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Photo: Pascal Le Segretain/Getty

The Trump administration is targeting U.S. and Chinese e-commerce sites — Amazon, Alibaba, eBay, and others — in an effort to curb an outbreak of counterfeit brand-name products.

What's happening: In a presidential memorandum today, President Trump ordered government agencies to report back by November on how to counteract an estimated half-trillion-dollar-a-year business.

Counterfeiting of the biggest brand names is a major global business. Alibaba, the Chinese e-commerce platform, has had a particular problem with counterfeit goods on its Tmall site. The White House estimated that about $100 billion in counterfeiting infringes on American intellectual property.

  • In an op-ed today in the WSJ, Navarro said a problem is that current law doesn't effectively police e-commerce. "Alibaba, Amazon and eBay face virtually no liability when they act as middlemen for counterfeiters," he wrote.

In a statement, an Alibaba spokesman said: “We welcome this new initiative and the attention it brings to the global fight against counterfeiting. Alibaba has developed best-in-class systems to protect IP and battle the scourge of counterfeiting. This work takes place through substantial collaboration with brands, law enforcement, trade associations and consumers, both on our platforms and offline at the criminal sources of production and distribution. We look forward to further advancing the working relationship and cooperation that we have with the US federal agencies mentioned in today's order, as well as with our global commerce peers.”

Ebay and Amazon did not respond to emails.

Go deeper: Amazon's problem with fake goods

Go deeper

Scoop: Trump talked out of early Ohio endorsement

Jane Timken at a 2017 Trump rally. Photo: Kyle Mazza/NurPhoto via Getty Images

Donald Trump had to be talked out of making an early endorsement in Ohio's 2022 U.S. Senate race, a sign of his eagerness to reengage politically, people familiar with the conversations tell Axios.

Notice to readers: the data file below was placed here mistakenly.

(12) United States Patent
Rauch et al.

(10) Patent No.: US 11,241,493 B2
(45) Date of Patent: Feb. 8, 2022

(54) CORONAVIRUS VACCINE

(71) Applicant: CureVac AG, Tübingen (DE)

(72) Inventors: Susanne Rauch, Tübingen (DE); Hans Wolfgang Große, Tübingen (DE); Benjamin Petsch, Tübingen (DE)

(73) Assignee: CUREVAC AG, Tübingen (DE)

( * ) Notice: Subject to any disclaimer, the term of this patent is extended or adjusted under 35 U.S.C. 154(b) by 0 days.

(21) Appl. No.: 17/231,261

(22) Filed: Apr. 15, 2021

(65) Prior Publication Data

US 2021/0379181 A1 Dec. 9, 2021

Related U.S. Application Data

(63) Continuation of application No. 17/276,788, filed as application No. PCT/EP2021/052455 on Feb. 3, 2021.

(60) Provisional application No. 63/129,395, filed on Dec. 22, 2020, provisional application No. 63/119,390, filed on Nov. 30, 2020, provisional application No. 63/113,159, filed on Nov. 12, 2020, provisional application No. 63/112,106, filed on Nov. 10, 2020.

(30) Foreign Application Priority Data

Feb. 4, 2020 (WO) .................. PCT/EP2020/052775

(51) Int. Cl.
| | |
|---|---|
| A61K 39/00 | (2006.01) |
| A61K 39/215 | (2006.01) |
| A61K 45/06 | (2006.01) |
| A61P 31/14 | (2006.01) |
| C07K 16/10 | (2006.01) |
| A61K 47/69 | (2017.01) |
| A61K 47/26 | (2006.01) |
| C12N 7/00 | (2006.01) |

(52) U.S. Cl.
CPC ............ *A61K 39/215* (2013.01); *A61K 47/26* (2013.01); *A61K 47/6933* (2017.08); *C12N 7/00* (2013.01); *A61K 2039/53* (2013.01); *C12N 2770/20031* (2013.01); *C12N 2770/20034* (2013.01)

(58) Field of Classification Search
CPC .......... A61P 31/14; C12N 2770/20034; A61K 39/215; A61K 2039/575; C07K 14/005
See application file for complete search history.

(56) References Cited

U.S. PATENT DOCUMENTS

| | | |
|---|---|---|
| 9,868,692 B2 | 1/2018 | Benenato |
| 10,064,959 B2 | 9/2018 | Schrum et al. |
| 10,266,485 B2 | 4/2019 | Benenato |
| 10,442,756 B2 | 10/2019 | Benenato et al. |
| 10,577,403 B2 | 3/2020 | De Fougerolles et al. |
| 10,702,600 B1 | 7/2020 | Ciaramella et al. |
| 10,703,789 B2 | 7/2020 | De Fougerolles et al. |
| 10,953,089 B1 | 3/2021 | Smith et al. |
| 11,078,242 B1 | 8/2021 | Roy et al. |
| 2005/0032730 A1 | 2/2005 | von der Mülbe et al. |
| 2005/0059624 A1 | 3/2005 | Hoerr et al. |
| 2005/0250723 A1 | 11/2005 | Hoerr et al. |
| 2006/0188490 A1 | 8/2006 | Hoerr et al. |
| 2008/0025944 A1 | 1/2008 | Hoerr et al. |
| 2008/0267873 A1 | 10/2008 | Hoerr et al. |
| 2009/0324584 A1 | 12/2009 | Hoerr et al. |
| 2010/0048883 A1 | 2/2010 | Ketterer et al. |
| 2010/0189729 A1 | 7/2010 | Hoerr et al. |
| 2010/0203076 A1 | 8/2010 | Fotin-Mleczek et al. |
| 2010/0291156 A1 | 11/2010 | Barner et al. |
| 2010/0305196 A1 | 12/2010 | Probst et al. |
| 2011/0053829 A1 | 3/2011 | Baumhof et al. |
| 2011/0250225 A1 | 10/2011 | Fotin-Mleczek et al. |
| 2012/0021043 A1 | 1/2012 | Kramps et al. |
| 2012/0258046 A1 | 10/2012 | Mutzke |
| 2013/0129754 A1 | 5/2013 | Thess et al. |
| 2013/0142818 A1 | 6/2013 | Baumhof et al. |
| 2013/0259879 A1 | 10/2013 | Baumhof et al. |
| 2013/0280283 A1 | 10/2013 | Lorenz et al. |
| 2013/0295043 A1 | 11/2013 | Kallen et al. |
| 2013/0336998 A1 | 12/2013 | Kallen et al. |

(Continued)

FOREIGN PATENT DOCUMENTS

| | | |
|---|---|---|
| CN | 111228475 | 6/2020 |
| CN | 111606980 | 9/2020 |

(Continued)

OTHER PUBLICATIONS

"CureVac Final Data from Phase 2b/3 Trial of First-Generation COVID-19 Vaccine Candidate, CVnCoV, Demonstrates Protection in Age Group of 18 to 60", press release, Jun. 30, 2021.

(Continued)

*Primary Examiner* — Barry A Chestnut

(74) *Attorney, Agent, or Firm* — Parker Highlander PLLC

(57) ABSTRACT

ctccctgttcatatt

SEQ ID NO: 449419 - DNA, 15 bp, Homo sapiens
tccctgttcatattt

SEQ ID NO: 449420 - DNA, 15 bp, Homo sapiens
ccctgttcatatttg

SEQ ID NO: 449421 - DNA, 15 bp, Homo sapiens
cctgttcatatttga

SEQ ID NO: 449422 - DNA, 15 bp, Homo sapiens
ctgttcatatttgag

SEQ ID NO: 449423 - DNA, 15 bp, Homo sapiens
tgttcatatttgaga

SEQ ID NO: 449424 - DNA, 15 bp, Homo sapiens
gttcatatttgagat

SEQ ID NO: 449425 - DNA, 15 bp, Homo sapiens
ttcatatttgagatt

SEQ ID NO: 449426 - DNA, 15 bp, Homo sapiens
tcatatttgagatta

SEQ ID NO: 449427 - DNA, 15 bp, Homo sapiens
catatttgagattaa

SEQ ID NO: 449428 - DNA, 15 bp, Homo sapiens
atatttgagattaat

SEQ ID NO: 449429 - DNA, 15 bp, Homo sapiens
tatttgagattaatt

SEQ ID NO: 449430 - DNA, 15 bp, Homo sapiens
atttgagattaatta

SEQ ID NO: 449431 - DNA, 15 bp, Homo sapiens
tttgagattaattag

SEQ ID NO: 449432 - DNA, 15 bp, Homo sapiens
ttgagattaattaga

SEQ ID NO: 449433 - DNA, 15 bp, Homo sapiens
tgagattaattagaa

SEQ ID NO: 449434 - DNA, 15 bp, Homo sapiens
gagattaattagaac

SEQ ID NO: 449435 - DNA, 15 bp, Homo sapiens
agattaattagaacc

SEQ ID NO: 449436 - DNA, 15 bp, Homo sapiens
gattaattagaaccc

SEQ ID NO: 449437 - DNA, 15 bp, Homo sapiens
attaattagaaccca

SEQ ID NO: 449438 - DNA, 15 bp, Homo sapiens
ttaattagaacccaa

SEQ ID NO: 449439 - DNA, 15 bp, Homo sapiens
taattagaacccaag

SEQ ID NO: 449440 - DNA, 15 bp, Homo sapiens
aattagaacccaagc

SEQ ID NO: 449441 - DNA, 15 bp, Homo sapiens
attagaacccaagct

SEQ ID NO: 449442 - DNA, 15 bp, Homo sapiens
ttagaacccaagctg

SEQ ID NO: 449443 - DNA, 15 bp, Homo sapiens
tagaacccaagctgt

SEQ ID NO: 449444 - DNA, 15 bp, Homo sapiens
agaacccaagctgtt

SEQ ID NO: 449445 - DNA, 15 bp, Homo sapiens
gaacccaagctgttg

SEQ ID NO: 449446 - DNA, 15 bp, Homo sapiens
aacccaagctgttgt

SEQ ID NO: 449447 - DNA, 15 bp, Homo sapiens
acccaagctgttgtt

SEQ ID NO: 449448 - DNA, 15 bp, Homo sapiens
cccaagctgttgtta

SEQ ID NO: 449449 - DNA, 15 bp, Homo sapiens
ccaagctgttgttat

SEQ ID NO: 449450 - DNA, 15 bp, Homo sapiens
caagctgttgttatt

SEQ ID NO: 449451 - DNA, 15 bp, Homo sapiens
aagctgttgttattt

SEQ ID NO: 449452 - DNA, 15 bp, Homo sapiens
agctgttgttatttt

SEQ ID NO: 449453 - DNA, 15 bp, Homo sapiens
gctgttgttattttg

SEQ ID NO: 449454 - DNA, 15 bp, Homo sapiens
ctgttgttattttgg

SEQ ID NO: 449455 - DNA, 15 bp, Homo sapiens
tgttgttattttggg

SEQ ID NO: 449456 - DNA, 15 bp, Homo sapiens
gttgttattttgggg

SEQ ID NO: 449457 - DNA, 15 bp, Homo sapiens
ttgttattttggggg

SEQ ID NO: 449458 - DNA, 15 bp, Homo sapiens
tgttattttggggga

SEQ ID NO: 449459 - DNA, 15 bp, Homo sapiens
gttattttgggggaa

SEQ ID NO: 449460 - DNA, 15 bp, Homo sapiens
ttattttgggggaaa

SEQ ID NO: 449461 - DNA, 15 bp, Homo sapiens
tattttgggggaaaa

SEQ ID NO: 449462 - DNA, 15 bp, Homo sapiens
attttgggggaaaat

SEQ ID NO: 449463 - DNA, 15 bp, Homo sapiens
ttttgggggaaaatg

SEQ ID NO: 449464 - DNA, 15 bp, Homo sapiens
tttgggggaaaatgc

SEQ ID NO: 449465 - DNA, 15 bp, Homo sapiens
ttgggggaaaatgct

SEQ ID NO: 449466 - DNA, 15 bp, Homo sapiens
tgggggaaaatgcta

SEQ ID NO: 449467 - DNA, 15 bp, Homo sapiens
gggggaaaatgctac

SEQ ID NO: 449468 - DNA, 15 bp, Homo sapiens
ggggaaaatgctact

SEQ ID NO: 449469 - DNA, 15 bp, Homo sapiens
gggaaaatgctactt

What we're hearing: The former president discussed endorsing former state GOP chair Jane Timken last week during a meeting at Mar-a-Lago with RNC Chairwoman Ronna McDaniel, but top advisers — including Donald Trump Jr. — urged him to wait.

Updated 1 hour ago - Politics & Policy

Coronavirus dashboard

Illustration: Aïda Amer/Axios

  1. Health: Trump received COVID vaccine at White House in January — CDC director warns "now is not the time" to lift COVID restrictions.
  2. Education: More schools are reopening in the U.S.
  3. Vaccine: J&J CEO "absolutely" confident in vaccine distribution goals Most states aren't prioritizing prisons for COVID vaccines — Vaccine hesitancy is shrinking.
  4. Economy: Apple says all U.S. stores open for the first time since start of pandemic — What's really going on with the labor market.
  5. Sports: Poll weighs impact of athlete vaccination.
  6. World: Latin America turns to China and Russia for COVID-19 vaccines.
Dave Lawler, author of World
1 hour ago - World

Latin America turns to China and Russia for COVID-19 vaccines

Several countries in the Americas have received their first vaccine shipments over the past few weeks — not from the regional superpower or from Western pharmaceutical giants, but from China, Russia, and in some cases India.

Why it matters: North and South America have been battered by the pandemic and recorded several of the world’s highest death tolls. Few countries other than the U.S. have the capacity to manufacture vaccines at scale, and most lack the resources to buy their way to the front of the line for imports. That’s led to a scramble for whatever supply is available.